FAQs for parents/carers of children returning to school on March 8th
New information on school admissions; updated information on travelling to and from nursery, childminders, school and college; updated information on education, EHCPs, wellbeing and online safety and updated information about assessment and exams (Guidance: updated 24 February 2021).
Guidance for parents and carers of children attending community activities, holiday or after-school clubs, tuition and other out-of-school settings (Guidance: updated 23 February 2021)
Following the latest Government announcement
Will all schools fully re-open?
Yes, all schools should fully re-open on March 8th.
Does my child have to go to school?
Yes, as of March 8th, 2021, the Department for Education has reapplied the law. It is compulsory for your child to receive a full-time education.
Why does my child have to go to school?
Returning to school is vital for children’s education and for their wellbeing. Time out of school is detrimental for children’s cognitive and academic development. Lower academic achievement also translates into long-term economic costs due to having a less well-qualified workforce. This affects the standard of living that today’s pupils will have over the course of their entire life.
What is the risk to my child?
Evidence suggests that the risk to children themselves of becoming severely ill from coronavirus (COVID-19) is very low but that there are negative health impacts of being out of school.
Will my child be safe in school?
Yes, each school is different, but all schools are following Government guidelines on reopening schools to children. Schools will have a bubble and your child will stay in this bubble. They will also have completed a risk assessment, and this will be regularly updated by them. They will also have enhanced cleaning arrangements. You can help by asking your child to wash their hands regularly, not touch their face, cough into their elbow, use tissues and bin after use and to do what school asks them to do to ensure their safety.
How can I find out what the plan is for my child’s school?
You can visit the school’s website or contact the Head Teacher.
How many children are in a bubble?
In primary schools, a bubble is usually a class of pupils. In secondary schools, a bubble is likely to be a whole year group. Secondary schools have larger bubbles to allow pupils to have access to the whole curriculum and specialist teachers.
Will my child need to continue wearing a face mask in the classroom?
On Tuesday 6 April, the government confirmed that face coverings should continue to be worn in secondary school and college classrooms as a precautionary measure when students return after the Easter holiday.
Subject to the roadmap process, as part of step 3, we expect these precautionary measures to no longer be recommended. This would be no earlier than 17 May and will be confirmed with one week’s notice.
My child is at primary school. Will my child’s teacher be wearing a full mask?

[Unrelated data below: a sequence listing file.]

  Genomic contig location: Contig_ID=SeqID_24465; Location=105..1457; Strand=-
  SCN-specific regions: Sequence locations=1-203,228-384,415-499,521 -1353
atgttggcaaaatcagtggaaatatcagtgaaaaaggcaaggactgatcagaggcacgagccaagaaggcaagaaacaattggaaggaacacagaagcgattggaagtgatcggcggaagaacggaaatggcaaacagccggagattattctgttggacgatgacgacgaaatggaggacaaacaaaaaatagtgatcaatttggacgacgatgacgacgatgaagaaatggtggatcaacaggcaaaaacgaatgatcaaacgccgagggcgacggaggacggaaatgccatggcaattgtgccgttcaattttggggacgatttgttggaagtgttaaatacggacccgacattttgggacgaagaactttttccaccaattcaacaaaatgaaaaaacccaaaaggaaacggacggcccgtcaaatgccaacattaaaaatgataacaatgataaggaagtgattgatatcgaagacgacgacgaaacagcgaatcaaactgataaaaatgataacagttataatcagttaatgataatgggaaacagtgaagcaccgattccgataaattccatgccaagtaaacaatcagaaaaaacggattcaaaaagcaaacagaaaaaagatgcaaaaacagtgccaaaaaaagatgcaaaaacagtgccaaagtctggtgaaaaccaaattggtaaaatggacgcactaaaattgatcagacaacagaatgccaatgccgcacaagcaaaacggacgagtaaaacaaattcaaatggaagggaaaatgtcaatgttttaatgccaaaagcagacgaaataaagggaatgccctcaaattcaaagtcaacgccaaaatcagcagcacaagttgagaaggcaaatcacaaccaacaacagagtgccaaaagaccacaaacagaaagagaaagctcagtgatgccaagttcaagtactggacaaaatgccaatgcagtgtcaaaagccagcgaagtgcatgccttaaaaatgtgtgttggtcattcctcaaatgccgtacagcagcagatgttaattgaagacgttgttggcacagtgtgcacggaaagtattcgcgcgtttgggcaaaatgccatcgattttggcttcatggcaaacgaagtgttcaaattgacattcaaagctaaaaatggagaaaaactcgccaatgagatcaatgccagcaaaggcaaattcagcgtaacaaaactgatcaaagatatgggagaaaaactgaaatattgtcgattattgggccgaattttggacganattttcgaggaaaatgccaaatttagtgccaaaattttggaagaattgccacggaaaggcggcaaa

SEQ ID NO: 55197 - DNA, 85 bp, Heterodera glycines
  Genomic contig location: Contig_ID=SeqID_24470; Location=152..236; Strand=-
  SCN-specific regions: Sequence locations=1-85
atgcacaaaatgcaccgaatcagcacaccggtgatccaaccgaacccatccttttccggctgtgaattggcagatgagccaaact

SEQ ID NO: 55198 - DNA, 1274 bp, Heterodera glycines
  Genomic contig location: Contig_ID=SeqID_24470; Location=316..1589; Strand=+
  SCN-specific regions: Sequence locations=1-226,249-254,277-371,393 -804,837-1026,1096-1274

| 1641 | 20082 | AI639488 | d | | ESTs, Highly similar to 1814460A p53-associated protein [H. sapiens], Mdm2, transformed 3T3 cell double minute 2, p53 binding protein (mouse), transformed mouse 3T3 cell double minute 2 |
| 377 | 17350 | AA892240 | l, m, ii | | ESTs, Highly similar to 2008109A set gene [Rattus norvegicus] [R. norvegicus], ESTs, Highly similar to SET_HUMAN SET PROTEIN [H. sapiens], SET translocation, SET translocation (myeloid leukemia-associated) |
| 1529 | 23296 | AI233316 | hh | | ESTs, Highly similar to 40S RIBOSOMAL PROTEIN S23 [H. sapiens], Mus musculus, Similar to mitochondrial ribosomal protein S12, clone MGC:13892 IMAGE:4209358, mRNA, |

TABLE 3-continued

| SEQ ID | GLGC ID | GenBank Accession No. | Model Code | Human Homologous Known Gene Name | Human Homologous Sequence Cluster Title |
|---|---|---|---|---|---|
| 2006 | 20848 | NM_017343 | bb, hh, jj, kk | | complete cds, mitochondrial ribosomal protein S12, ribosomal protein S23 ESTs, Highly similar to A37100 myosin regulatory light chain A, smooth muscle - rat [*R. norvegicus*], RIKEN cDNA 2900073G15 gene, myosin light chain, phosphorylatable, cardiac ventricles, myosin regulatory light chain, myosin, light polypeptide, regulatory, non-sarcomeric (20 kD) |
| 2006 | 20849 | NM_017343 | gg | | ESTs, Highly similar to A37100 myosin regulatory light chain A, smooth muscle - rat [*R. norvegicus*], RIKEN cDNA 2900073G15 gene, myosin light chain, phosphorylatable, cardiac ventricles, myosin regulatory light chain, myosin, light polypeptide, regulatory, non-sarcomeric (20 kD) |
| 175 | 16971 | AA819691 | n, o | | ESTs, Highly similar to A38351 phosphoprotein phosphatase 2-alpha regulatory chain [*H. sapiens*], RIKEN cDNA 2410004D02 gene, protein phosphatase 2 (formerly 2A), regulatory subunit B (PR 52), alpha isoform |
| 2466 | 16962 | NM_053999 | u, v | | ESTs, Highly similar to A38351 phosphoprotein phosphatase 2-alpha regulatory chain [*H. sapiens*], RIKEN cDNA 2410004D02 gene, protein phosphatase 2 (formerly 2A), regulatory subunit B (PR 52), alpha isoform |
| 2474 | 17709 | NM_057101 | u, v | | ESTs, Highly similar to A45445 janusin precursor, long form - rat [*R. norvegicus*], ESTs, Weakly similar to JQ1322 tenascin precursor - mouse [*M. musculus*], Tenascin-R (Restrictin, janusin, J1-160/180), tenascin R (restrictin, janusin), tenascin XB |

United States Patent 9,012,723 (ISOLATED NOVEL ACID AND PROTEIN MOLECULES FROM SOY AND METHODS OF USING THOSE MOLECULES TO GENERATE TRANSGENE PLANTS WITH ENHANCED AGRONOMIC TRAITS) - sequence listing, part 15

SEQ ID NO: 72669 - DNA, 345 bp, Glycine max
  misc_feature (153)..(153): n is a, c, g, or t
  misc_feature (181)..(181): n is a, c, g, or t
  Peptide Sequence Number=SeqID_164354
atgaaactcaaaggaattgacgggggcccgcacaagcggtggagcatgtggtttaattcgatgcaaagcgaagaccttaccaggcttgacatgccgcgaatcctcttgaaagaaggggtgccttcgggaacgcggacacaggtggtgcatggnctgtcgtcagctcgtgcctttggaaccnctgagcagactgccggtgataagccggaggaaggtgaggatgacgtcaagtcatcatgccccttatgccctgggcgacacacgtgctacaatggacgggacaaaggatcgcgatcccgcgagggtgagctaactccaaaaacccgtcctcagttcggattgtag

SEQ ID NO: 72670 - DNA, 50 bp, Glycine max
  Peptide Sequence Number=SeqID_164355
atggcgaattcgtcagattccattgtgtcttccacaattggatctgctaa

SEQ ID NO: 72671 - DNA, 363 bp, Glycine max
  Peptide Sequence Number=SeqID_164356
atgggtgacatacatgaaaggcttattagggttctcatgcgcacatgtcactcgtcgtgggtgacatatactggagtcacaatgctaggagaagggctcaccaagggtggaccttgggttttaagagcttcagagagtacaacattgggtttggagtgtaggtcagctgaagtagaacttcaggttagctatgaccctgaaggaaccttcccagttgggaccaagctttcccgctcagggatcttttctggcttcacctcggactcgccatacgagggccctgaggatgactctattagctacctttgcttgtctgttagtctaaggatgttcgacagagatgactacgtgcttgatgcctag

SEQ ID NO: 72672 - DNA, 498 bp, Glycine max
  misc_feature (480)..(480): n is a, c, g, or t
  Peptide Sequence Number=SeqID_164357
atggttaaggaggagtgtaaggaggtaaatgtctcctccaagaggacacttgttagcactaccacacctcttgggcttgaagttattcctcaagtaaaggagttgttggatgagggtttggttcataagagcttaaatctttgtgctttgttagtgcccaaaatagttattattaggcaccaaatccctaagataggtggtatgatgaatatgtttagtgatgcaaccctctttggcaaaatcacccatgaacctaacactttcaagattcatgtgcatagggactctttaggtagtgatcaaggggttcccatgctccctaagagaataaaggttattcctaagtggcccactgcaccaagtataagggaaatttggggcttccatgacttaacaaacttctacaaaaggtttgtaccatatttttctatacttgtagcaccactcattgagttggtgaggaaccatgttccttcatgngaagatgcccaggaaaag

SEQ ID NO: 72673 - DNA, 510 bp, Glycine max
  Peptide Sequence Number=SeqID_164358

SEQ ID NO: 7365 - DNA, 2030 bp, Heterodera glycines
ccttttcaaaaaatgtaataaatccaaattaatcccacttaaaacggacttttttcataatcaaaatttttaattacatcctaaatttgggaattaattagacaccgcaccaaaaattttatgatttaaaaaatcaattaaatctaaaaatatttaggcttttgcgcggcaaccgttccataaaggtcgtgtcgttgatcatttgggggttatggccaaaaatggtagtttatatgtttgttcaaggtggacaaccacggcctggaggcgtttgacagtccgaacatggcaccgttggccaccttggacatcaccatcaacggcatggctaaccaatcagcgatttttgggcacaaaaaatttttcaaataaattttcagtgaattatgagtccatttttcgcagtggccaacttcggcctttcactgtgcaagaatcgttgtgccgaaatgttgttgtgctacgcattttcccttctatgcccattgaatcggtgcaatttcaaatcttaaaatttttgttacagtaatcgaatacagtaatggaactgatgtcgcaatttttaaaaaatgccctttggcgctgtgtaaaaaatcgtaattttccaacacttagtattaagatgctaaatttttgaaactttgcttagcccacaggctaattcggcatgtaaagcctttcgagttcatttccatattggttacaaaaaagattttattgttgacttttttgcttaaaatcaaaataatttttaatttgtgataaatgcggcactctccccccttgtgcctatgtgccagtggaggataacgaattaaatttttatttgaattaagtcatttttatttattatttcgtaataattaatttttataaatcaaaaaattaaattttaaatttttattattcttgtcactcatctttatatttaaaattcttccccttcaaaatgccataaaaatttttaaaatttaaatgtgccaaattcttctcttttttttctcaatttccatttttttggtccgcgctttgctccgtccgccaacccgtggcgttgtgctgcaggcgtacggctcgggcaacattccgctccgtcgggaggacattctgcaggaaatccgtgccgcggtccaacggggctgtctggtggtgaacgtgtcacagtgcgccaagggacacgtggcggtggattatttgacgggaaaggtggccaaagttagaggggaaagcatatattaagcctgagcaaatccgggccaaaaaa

In most cases teachers will not be wearing full masks. However, there are a few situations where this may be required - for example if a member of staff must provide close medical care for your child.
Will my child be required to take a test for Covid to be able to return to school?
Secondary school children are being asked to participate in on site testing on their return to school. The intention is for every child to have a received a negative test prior to returning to face to face teaching. A further two tests should be taken on site before moving to home testing. Your child will be issued with a test kit and instructions on how to carry this out at home. By taking three assisted tests at school, your child will be supported in becoming familiar and comfortable with the process
Testing of children in secondary schools is not mandatory but is encouraged as a further precaution to reduce the risk of transmission of the infection within school settings. The rationale is that secondary aged children transmit Covid-19 at a similar rate to adults and are often asymptomatic. If your child does not participate in the testing programme they will still be able to return to school in line with the school’s arrangements around any phased return.
There is no requirement for primary school age children to be tested as they are considered to be a lower risk in transmission of the virus and there is insufficient evidence to prioritise testing of this group.
What happens if my child has a positive lateral flow test?
If the test has been taken at school, your child will need to self-isolate immediately in line with the stay-at-home guidance. Current guidance states that a confirmatory PCR test is not required while prevalence of the virus is high.
If the test has been taken at home, school should be informed of the result so that close contacts can identified. You should book a confirmatory PCR test online for your child. They should isolate for 10 days (following the first positive result and re-start the 10 days if they develop symptoms). School should be informed of the result of the PCR test.
What should I do if my child is isolating following a positive LFD test result and subsequently develop symptoms?